Plans for a $10 million research centre in Tauranga have been scrapped because Waikato University wants to focus on Hamilton.
The blow comes after the university reviewed its services and decided to concentrate more on its home campus.
This shifting focus has worrying implications for Tauranga, which relies on a Waikato University campus in Durham St for university education. The university had earlier signalled it would work with Bay of Plenty Polytechnic to boost services here.
The world-class centre with 40 staff was to have been established in the new Environment Bay of Plenty building at Sulphur Point, with construction to start next year.
But the university has sent the regional council a letter saying it will not shift into the Cross Rd building.
Earth Sciences' Professor Terry Healy said the university had completed a review of its direction and decided to concentrate on the Hamilton campus.
Professor Healy told the Bay of Plenty Times that every academic was disappointed.
The centre, which would have involved post-graduate students, planned to carry out ground-breaking studies in coastal marine and environmental sciences including global warming and aquatic farming.
Another factor was cash.
Professor Healy said there was enthusiasm in the Bay but "in the end we didn't get a lot of sponsorship from people in the area. And in this day and age, universities don't get a lot of money from the Government for capital works."
The University of Waikato Foundation Trust was seeking up to $5 million from the Western Bay's businesses, councils and trusts.
The project had a major setback when the government turned down the university's application for a $5 million Partnership for Excellence grant last year.
At the time of the project launch in September 2003, the university said the centre would pump skills and talent into Tauranga - helping it become a true university city.
The university today issued a statement confirming vice-chancellor Professor Roy Crawford was working on a new vision - and said Tauranga would benefit.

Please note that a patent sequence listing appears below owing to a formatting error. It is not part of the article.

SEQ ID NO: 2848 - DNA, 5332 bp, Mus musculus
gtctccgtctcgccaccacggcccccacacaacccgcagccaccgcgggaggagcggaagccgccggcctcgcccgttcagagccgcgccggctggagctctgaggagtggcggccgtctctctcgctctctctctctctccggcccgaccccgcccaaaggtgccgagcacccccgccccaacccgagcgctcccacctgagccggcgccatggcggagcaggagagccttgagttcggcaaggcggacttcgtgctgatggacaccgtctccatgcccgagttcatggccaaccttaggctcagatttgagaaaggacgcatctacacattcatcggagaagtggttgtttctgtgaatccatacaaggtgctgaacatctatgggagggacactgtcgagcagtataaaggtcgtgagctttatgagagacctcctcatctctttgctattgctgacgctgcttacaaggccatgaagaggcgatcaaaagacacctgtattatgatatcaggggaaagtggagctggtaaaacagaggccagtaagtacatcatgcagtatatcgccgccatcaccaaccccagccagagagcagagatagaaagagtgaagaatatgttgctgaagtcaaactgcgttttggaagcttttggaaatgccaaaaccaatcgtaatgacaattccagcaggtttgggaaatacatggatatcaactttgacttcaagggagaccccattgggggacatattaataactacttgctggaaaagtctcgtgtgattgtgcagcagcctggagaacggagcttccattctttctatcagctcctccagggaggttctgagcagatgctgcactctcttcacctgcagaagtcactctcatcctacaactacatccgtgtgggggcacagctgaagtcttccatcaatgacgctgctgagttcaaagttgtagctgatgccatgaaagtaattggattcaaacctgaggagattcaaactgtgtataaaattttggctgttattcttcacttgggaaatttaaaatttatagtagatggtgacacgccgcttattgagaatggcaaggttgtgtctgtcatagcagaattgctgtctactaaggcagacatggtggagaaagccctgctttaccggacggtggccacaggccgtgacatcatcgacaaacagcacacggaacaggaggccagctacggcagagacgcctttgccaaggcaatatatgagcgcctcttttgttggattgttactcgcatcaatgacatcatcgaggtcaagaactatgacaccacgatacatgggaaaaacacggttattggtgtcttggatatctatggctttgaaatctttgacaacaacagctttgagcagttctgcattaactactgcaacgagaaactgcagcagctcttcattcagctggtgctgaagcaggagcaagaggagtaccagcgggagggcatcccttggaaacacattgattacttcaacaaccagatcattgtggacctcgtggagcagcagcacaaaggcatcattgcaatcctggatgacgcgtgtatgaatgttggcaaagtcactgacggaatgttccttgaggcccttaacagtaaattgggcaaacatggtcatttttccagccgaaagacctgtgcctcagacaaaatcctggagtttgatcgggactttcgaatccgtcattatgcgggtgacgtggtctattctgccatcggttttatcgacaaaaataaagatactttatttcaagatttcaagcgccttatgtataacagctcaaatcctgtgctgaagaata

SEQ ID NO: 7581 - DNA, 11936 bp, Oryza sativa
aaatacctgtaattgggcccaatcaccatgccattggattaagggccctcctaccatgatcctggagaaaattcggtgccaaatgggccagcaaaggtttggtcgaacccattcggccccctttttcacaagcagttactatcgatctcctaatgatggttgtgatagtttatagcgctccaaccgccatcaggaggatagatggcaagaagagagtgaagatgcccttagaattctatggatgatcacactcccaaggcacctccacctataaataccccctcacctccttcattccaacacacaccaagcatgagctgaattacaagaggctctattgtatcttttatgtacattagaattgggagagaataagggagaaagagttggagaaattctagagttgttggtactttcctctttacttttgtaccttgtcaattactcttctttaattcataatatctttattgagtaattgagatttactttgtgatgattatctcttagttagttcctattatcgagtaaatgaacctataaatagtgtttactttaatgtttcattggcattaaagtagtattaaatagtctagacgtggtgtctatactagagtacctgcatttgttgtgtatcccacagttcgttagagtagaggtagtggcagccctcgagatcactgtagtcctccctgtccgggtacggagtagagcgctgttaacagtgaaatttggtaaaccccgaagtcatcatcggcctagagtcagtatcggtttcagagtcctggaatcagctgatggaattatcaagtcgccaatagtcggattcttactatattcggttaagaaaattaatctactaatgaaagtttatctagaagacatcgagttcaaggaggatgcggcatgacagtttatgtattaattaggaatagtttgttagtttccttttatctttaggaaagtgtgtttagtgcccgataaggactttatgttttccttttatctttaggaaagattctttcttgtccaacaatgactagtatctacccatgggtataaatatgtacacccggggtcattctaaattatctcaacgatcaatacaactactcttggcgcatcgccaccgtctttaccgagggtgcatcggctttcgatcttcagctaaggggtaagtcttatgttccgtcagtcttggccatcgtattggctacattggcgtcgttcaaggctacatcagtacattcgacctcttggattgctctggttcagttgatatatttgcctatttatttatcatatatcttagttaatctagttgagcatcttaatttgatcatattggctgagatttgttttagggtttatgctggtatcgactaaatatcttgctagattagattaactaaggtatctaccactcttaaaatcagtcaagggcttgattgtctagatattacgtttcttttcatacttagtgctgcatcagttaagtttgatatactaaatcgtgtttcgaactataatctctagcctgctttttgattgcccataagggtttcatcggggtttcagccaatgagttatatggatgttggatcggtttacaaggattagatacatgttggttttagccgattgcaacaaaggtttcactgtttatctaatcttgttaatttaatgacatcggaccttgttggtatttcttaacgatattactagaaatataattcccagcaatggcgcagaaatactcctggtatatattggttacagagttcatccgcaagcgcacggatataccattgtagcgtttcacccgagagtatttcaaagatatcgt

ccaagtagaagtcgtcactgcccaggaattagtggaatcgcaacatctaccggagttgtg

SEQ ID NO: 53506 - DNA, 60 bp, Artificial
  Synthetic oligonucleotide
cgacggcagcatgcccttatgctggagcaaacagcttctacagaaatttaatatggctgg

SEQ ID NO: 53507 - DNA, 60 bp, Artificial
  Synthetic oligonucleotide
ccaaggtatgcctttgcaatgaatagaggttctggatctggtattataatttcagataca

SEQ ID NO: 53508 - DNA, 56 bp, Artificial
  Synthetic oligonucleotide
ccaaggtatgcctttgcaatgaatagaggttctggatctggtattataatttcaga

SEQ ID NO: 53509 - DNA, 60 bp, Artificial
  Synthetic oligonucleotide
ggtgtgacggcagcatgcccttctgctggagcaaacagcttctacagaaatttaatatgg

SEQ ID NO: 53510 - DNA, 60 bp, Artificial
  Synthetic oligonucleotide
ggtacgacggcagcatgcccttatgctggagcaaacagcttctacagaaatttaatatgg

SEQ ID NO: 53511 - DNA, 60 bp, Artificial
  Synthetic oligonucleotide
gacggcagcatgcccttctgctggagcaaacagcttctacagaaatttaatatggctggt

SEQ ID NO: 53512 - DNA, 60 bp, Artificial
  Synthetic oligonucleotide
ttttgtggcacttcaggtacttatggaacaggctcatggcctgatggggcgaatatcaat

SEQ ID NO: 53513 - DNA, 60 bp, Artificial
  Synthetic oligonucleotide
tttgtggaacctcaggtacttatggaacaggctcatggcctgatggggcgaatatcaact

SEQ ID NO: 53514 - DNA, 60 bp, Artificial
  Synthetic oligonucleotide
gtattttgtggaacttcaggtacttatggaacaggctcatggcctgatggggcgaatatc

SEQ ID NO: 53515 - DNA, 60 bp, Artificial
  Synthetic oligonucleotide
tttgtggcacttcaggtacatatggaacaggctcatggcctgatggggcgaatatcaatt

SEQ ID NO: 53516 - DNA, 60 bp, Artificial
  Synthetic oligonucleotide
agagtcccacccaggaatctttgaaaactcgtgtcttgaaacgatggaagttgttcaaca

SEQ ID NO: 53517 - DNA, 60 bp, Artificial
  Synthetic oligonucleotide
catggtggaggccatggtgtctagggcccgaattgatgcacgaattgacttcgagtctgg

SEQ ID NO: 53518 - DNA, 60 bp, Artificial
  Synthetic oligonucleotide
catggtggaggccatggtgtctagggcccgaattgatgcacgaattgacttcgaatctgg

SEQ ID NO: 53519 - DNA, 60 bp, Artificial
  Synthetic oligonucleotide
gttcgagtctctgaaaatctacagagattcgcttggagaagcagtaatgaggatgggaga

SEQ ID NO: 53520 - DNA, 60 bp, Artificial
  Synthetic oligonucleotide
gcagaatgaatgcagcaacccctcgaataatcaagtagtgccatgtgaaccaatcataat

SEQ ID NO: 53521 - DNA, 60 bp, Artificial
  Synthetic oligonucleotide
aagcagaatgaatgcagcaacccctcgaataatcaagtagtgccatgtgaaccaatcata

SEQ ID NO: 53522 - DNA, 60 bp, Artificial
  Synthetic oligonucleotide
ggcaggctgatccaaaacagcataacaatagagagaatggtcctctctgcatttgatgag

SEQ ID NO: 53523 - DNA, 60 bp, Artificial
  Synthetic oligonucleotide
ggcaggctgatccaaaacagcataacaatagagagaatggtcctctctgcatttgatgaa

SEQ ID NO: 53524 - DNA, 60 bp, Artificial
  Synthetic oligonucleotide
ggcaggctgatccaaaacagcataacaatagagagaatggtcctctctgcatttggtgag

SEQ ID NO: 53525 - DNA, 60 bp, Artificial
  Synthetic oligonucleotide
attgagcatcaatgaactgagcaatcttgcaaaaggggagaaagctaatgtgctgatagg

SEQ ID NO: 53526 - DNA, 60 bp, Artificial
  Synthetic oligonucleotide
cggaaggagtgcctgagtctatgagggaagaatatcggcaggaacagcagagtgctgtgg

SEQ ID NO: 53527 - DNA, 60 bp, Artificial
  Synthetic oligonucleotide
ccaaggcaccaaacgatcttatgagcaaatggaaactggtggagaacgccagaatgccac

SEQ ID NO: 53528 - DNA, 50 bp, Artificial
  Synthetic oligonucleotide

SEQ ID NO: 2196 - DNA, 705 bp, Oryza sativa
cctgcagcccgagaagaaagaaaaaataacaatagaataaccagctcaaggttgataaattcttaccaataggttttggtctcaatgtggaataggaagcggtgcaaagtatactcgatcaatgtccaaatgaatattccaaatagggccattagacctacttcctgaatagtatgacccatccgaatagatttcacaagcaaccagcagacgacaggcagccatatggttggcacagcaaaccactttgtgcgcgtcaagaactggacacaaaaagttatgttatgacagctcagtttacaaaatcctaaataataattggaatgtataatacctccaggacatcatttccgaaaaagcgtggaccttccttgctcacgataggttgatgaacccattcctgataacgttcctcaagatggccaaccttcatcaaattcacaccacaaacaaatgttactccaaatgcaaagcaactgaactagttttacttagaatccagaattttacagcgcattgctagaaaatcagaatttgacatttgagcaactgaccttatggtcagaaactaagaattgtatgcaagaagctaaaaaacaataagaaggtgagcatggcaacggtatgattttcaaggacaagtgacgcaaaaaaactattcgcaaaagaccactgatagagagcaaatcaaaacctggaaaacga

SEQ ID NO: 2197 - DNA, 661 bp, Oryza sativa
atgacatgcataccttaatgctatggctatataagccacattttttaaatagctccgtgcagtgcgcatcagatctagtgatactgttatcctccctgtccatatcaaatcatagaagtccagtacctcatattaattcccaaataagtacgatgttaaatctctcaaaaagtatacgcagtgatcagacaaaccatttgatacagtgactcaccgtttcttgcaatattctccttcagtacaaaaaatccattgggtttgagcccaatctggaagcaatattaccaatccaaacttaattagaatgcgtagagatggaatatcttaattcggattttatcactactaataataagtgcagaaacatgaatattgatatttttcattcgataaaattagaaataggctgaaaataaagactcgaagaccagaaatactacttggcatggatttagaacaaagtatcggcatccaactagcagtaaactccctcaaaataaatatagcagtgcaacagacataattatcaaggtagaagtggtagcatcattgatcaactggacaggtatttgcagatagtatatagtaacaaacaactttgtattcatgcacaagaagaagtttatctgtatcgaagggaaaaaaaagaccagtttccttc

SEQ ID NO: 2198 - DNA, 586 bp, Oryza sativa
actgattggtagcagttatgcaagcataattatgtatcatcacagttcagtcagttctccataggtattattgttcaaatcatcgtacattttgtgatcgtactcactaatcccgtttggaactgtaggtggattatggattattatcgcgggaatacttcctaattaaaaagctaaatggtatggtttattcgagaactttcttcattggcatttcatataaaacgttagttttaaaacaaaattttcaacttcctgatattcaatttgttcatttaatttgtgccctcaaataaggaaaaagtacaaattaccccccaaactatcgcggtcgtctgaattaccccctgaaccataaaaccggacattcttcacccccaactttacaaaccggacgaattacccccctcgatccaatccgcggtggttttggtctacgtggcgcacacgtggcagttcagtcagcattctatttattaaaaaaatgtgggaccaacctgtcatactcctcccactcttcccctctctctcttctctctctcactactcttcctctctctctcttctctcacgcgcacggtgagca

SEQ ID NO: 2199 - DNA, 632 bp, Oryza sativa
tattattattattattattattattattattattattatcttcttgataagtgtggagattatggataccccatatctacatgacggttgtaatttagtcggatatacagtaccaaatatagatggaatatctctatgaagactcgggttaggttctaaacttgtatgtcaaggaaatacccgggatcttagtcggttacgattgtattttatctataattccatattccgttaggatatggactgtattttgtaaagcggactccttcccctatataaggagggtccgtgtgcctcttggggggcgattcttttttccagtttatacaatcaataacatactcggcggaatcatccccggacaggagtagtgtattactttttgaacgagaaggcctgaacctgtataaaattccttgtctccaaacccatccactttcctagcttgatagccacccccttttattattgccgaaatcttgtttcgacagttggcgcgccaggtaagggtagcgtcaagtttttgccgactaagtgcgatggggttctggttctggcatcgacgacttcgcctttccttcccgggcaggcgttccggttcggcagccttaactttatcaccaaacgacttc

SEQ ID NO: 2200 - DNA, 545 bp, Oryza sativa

Professor Crawford said the university was still committed to students in Tauranga and would continue to offer courses.
"We intend to continue to build close relationships within the community and work with business to ensure what is offered meets Tauranga's needs. Our goal is that students have the knowledge, skills and understanding they require for this region to continue to prosper."
Waikato University Tauranga campus pro vice chancellor Alan Nielson said the relationship between the university and the Bay of Plenty Polytechnic was still strong. He said the campus was still committed to focusing on the regional needs alongside the polytechnic.
Mr Nielson would not comment further on Mr Crawford's "vision" and how it could impact on Tauranga's tertiary opportunities. He said it was a "work in progress".
Priority One chief executive Ross Stanway said the centre would have been a big shot in the arm for Tauranga.
"It's disappointing - but the university is doing other things in the city."
The university was working with the commercial sector to develop business management programmes.
Environment BOP will forge ahead with its new Tauranga building. Council staff would take up two-thirds of the space and the rest would be leased to tenants.